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Iron Profile

Discussion in 'The Undiagnosed' started by Lizziemac, Jun 6, 2008.

  1. Deirdre

    Deirdre Senior Member

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    The ovaries and adrenals and pituitary all produce hormones as does the placenta when you are pregnant. The ovaries produce less and less as we age- they get worn out. The uterus is just kind of a holding area, so to speak.

    I have never heard of having 6 fallopian tubes. That sounds very strange. Two uteri but not not 3!
     
  2. angieangie

    angieangie Guest

    She had problems with it when she was younger... more menstrual cramps and bleeding, and sometimes periods twice a months. But she's on meds for it now. Apparently it's considered a gift because it's easier to get pregnant and also, many women with more than 2 falopian tubes have twins and triplets!
     
  3. Lizziemac

    Lizziemac Member

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    Well, here I am again, having been referred to a consultant gastroenterologist. After having blood tests and a ultrasound scan of my internal organs he has just yesterday diagnosed hemochromotosis which means that I have a rogue gene which prevents my body from eliminating iron. The treatment is venesection (taking blood) but this hasn't started yet. I'll be having 1 pint of blood removed every two weeks until my ferritin levels come down to normal, then less frequently for the rest of my life.

    This genetic disease can have very serious consequences if left undiagnosed. I never thought I'd say this, but thank God for my hair loss! If it hadn't been for that I wouldn't have gone to the doctor and this disease wouldn't have been discovered until it started showing symptoms, which include liver cancer. You never know, perhaps the ferritin levels being lowered will improve my hair. Wouldn't that be wonderful?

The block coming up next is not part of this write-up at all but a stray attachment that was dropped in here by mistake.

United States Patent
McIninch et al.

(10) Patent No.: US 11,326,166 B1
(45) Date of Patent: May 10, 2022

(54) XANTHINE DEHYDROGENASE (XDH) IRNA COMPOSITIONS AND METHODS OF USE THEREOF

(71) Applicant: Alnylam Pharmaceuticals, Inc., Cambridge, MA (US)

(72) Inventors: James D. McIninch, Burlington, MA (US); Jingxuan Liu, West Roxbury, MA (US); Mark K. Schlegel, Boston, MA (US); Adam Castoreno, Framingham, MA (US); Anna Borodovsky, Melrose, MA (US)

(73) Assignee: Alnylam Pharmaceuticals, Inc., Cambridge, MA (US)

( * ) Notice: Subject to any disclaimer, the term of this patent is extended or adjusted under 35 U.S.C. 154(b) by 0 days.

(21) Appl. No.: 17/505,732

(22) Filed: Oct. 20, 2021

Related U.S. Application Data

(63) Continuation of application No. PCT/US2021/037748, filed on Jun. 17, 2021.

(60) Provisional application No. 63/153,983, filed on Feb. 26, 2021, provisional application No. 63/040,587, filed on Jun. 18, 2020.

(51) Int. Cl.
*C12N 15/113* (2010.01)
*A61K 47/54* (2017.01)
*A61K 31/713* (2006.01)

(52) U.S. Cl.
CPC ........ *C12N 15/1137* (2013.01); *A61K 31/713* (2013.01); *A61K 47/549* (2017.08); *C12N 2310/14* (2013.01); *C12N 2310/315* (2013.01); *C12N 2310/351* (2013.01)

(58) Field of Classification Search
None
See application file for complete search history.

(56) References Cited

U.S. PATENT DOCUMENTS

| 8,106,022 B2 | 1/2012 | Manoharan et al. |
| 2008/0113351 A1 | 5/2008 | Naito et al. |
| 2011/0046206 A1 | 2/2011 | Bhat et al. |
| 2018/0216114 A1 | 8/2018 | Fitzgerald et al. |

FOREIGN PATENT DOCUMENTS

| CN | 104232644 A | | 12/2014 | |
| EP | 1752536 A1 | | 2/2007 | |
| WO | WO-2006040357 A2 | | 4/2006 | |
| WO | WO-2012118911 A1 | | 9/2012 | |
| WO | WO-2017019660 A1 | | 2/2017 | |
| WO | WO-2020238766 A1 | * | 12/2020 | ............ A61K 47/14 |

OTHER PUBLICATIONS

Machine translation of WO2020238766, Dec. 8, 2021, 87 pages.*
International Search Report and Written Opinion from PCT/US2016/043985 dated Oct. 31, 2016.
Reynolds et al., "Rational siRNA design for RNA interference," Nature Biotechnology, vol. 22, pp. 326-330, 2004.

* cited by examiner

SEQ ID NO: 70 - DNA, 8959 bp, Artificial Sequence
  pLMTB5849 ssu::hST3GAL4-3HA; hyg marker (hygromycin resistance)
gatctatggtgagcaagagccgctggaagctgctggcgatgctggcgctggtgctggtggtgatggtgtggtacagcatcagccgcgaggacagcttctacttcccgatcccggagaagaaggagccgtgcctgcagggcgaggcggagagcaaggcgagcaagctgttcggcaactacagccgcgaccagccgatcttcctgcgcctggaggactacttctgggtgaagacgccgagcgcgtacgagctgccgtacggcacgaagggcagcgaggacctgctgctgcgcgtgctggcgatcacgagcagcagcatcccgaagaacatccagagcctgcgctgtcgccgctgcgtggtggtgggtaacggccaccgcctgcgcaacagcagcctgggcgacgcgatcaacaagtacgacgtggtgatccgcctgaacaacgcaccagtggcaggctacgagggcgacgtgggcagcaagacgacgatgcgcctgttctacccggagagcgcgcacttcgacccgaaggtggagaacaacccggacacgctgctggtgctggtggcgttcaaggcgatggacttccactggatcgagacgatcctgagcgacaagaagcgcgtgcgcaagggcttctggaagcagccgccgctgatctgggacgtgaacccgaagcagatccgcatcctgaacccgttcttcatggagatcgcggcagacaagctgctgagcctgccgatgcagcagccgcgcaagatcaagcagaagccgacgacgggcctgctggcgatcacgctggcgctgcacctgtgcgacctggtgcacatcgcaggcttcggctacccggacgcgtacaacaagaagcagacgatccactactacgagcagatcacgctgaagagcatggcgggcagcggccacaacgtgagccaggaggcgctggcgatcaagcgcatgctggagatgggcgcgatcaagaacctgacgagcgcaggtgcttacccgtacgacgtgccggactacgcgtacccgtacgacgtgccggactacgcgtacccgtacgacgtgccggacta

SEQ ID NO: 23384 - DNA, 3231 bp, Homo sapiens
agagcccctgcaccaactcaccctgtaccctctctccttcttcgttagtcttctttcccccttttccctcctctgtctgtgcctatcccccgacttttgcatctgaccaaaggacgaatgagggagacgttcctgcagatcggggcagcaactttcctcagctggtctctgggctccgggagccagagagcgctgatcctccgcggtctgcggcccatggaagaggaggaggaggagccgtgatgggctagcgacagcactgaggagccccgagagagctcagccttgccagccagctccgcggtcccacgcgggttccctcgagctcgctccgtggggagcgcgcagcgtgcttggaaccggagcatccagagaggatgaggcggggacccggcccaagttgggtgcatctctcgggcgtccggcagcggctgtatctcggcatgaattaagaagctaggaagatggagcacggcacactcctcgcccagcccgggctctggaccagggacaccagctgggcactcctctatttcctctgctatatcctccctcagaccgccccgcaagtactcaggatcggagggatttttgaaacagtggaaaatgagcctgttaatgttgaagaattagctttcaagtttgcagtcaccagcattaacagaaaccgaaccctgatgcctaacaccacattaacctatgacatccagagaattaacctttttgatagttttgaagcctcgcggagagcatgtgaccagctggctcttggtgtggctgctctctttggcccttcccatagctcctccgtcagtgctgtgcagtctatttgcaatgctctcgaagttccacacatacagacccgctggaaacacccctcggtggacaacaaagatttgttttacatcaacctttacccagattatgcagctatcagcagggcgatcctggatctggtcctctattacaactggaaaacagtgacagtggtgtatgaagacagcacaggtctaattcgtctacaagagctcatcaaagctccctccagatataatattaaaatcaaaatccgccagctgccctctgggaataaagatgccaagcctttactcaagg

Thanks everyone who has posted in reply to me. It's great to have people who understand.

    Lizzie
     
  4. angieangie

    angieangie Guest

    You should give blood. Apparently having too much iron is considered "the disease that helps others" or something like that, because a lot of doctors recommend you give blood as much as needed to keep your iron levels at a normal level.
     
  5. Lizziemac

    Lizziemac Member

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    Angie, I'm already blood donor, and now that I've been diagnosed with this disease I'll be put on the Blood Donatation Service's "hemochromotosis list" once my ferritin levels normalise, which means that they will incorporate my donations into my treatment.
     
  6. mythreeboys

    mythreeboys Guest

    Hi Lizzie,

    Wow I am so glad you did have a reason to see your doctor so that you found out now you have this. I am so sorry your going through this but it sounds like it can be managed right? My thoughts are with you.

    They thought my husband had polycythemia where you have to many red blood cells, one of the treatment plans was to donate blood but he ended up not having it.

    Keep us posted Lizzie on the hair - fingers crossed that the high iron was some of the cause. I hope you feel better too
     
  7. Lizziemac

    Lizziemac Member

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    Thanks, Mythreeboys. Yes, it appears to be quite easily managed if diagnosed early thank goodness. It would be an enormous bonus if it helped my thinning hair, but it does put it into perspective.
     

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